• Auscultate the fetal heart for a minimum of 1 minute immediately following a contraction at least every 5 minutes in the second stage of labour and record as a single figure. This should be documented on the NHS GG&C ‘Fetal heart – auscultation record’. This record card is completed every 5 minutes in conjunction with the partogram and is signed and filed in the labour ward booklet after the birth.
  • Record accelerations and decelerations if heard
  • Palpate the maternal pulse to differentiate between the maternal and fetal heartbeats (NICE 2017)

Both intermittent auscultation and continuous CTG provide information on the baseline heart rate (usually between 110 and 160 beats per minute in the term fetus), accelerations (transient increases in the FHR) and
decelerations (transient decreases in the FHR). It is known that some aspects of labour will cause natural alterations in FHR patterns. Some of these changes are subtle and can only be detected by continuous CTG, e.g. baseline variability, temporal shape of decelerations.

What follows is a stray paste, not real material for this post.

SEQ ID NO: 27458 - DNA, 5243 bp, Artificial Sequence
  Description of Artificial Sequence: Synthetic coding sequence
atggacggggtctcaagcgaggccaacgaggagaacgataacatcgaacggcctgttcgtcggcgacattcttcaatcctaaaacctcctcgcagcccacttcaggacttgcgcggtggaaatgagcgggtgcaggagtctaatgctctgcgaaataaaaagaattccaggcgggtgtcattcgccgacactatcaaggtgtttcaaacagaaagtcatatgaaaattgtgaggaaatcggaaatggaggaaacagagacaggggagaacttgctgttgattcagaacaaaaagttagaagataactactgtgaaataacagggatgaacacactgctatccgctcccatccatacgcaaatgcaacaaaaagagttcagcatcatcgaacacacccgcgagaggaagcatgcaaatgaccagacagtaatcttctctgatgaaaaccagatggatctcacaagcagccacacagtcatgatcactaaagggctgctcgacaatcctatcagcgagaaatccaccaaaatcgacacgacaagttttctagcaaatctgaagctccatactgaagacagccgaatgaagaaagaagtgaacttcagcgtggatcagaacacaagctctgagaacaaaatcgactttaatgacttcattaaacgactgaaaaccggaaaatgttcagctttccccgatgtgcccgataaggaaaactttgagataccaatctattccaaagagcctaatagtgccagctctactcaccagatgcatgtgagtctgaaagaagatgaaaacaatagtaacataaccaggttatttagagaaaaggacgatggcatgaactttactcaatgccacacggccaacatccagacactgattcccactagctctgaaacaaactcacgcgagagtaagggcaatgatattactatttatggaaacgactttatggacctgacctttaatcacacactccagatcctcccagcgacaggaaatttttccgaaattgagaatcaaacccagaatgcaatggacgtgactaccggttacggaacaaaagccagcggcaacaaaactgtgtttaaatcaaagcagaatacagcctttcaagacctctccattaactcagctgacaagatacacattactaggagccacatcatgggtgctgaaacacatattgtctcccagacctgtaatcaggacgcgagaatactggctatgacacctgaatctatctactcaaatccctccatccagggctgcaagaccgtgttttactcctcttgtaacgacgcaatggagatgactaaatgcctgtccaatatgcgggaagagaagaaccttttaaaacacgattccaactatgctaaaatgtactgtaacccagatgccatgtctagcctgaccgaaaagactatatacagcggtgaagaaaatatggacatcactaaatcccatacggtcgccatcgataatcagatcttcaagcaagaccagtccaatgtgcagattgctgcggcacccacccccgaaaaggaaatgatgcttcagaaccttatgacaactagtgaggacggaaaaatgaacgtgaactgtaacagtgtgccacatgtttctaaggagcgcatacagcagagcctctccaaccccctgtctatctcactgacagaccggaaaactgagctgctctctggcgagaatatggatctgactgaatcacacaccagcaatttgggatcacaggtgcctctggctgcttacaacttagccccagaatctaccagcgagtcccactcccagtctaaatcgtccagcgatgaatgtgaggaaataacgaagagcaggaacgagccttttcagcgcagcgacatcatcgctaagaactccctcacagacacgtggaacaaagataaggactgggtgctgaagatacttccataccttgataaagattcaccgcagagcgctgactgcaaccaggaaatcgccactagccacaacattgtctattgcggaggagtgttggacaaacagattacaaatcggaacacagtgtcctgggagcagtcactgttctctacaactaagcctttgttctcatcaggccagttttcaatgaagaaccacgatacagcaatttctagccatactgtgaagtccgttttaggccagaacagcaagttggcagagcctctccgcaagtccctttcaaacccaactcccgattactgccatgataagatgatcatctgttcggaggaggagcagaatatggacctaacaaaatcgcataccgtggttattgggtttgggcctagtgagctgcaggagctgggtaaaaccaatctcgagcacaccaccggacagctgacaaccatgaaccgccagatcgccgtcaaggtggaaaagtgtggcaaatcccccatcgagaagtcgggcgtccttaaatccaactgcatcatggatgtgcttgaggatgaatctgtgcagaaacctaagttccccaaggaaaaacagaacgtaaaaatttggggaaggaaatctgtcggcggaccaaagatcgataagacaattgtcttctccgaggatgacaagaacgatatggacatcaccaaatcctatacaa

Take the following into account when assessing baseline FH rate:

  • this will usually be between 110 and 160 beats/minute – clear and regular on auscultation (NHSQIS 2009)
  • Be aware of a rising or changing baseline as an indicator of potential fetal compromise (NHSQIS 2009)

Ongoing risk assessment

Be aware that risk factors can change at any point during labour and may necessitate the move to continuous CTG (RCM 2012). According to NICE (2014) indications for continuous CTG include:

  • Significant meconium
  • Fetal heart rate abnormality
  • Suspected chorioamnionitis or sepsis (see NHS GG&C Sepsis guideline), or a temperature of 38 C or above
  • Fresh PV bleeding developing in labour
  • Oxytocin use
  • Severe hypertension (160/110 mmHg)

Other indications include:

  • Maternal request – woman should be informed that continuous CTG may restrict her mobility
  • Epidural analgesia
  • NOTE: Amniotomy alone for suspected delay in established labour should not be regarded as an indication to commence continuous CTG (NICE 2014)

Women at low risk of complications who have CTG commenced because of concern arising from intermittent auscultation should have the cardiotocograph removed if the trace is normal for 20 minutes, unless the woman asks to stay on continuous cardiotocography (NICE 2017).